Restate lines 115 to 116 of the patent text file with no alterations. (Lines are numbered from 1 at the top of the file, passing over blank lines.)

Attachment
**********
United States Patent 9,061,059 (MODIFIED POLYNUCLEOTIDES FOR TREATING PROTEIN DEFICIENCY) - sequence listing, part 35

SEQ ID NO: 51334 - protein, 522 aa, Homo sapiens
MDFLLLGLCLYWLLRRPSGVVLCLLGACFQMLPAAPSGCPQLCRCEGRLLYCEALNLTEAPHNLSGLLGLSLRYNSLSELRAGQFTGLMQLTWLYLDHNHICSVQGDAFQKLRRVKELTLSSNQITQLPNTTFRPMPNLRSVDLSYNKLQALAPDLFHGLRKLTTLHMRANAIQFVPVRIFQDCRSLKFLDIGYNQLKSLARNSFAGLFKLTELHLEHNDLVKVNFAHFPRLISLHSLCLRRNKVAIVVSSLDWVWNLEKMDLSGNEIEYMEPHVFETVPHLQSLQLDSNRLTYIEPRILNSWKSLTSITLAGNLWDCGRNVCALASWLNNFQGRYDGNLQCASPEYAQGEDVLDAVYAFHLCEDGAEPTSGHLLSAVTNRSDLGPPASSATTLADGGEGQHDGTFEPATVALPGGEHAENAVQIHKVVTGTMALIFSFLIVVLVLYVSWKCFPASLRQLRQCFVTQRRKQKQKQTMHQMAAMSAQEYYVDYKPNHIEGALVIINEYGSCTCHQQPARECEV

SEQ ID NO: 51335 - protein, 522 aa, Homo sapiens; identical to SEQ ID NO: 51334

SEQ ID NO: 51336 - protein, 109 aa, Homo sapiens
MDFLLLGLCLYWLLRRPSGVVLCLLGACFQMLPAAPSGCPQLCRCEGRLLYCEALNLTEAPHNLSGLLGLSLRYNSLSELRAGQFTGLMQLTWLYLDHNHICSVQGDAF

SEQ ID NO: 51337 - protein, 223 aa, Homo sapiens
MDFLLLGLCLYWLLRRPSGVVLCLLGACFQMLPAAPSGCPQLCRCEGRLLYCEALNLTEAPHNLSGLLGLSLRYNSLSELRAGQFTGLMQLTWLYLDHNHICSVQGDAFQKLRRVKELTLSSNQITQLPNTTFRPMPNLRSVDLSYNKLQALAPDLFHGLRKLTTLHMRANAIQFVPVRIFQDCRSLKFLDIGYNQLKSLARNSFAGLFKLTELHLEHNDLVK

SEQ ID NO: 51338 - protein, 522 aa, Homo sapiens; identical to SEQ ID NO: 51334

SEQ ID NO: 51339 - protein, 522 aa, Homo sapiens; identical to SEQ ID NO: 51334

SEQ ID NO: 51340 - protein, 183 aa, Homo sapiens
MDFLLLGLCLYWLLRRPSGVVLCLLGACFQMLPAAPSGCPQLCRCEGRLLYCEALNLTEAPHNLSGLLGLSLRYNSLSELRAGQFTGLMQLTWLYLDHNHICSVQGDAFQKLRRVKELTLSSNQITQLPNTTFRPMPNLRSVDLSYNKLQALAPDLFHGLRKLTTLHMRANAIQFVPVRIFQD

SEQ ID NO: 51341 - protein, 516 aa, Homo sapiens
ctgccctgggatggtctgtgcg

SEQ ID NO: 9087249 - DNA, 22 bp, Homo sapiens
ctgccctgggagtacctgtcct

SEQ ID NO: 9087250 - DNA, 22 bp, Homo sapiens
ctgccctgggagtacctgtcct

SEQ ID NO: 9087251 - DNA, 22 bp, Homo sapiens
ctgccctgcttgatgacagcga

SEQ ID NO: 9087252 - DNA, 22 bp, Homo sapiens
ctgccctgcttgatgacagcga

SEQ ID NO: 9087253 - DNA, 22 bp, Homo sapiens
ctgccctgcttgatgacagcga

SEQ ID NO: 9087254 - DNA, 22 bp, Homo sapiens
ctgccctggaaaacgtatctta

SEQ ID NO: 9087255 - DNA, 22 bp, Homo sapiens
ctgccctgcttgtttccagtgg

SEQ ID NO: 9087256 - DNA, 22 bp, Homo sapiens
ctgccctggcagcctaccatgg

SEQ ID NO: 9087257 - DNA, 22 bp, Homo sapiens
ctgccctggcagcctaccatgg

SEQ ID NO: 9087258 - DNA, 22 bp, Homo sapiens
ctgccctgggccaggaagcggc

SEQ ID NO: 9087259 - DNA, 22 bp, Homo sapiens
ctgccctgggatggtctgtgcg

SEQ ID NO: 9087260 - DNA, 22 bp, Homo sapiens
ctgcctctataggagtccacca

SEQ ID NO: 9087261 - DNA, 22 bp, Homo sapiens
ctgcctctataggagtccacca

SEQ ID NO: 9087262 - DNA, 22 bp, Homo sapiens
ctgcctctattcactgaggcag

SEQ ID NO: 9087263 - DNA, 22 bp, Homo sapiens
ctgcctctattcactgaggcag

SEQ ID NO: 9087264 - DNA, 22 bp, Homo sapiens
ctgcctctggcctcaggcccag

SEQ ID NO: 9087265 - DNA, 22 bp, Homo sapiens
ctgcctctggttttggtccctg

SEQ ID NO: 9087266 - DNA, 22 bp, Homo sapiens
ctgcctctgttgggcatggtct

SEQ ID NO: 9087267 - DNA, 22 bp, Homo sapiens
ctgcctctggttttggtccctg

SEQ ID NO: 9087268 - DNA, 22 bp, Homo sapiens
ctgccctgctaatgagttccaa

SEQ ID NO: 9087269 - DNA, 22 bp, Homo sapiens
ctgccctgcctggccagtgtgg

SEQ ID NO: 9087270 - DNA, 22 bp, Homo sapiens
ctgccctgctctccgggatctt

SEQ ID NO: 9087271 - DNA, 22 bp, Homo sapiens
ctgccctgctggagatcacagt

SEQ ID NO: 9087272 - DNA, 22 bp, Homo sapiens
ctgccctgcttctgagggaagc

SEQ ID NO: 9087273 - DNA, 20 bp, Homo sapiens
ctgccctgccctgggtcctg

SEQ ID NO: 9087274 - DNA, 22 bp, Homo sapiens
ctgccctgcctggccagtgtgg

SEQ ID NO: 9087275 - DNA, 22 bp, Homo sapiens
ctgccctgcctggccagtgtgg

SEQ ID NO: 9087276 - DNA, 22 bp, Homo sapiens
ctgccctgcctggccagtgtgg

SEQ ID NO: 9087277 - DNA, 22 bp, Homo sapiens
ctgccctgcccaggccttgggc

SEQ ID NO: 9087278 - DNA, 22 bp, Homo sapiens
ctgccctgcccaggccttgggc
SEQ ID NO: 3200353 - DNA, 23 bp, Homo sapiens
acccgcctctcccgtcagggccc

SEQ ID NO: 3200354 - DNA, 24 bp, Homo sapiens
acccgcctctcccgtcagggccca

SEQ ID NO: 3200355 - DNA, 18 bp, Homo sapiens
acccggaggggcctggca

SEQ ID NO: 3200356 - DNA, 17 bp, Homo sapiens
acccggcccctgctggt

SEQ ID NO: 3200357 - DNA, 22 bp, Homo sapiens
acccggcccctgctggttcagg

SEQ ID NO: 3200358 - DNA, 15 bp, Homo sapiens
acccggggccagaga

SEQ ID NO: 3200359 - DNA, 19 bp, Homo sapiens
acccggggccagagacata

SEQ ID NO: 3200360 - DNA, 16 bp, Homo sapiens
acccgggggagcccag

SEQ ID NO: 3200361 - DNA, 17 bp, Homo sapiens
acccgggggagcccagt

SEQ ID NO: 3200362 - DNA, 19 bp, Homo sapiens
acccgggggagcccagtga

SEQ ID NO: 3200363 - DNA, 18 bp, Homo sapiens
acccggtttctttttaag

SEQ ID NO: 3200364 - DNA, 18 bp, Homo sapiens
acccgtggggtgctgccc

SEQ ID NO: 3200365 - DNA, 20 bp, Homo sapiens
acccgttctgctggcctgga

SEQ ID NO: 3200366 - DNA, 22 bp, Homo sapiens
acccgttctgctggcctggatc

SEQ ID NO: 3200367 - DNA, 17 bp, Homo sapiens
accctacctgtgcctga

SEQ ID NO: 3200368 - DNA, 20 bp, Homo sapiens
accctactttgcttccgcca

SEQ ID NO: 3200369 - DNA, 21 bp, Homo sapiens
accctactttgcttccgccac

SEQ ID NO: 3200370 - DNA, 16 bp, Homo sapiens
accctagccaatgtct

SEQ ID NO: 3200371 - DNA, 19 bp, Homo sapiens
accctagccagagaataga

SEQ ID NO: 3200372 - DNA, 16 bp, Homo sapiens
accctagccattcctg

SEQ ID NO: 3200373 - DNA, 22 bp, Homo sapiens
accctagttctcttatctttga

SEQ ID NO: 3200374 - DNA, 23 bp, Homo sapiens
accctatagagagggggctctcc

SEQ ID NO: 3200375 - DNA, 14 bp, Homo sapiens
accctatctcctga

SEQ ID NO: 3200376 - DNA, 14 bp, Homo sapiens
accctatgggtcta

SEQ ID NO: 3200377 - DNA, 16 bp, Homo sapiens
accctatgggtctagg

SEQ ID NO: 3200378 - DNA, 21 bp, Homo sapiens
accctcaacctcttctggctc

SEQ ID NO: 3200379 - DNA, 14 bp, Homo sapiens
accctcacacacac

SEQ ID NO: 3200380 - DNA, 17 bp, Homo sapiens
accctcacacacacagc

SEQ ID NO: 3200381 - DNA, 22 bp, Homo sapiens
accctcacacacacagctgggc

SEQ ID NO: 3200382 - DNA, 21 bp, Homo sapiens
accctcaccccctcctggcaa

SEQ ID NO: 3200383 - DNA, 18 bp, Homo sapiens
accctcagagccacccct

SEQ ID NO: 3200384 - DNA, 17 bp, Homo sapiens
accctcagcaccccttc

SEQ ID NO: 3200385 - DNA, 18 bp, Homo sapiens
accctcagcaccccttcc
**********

SEQ ID NO: 3200373 - DNA, 22 bp, Homo sapiens
accctagttctcttatctttga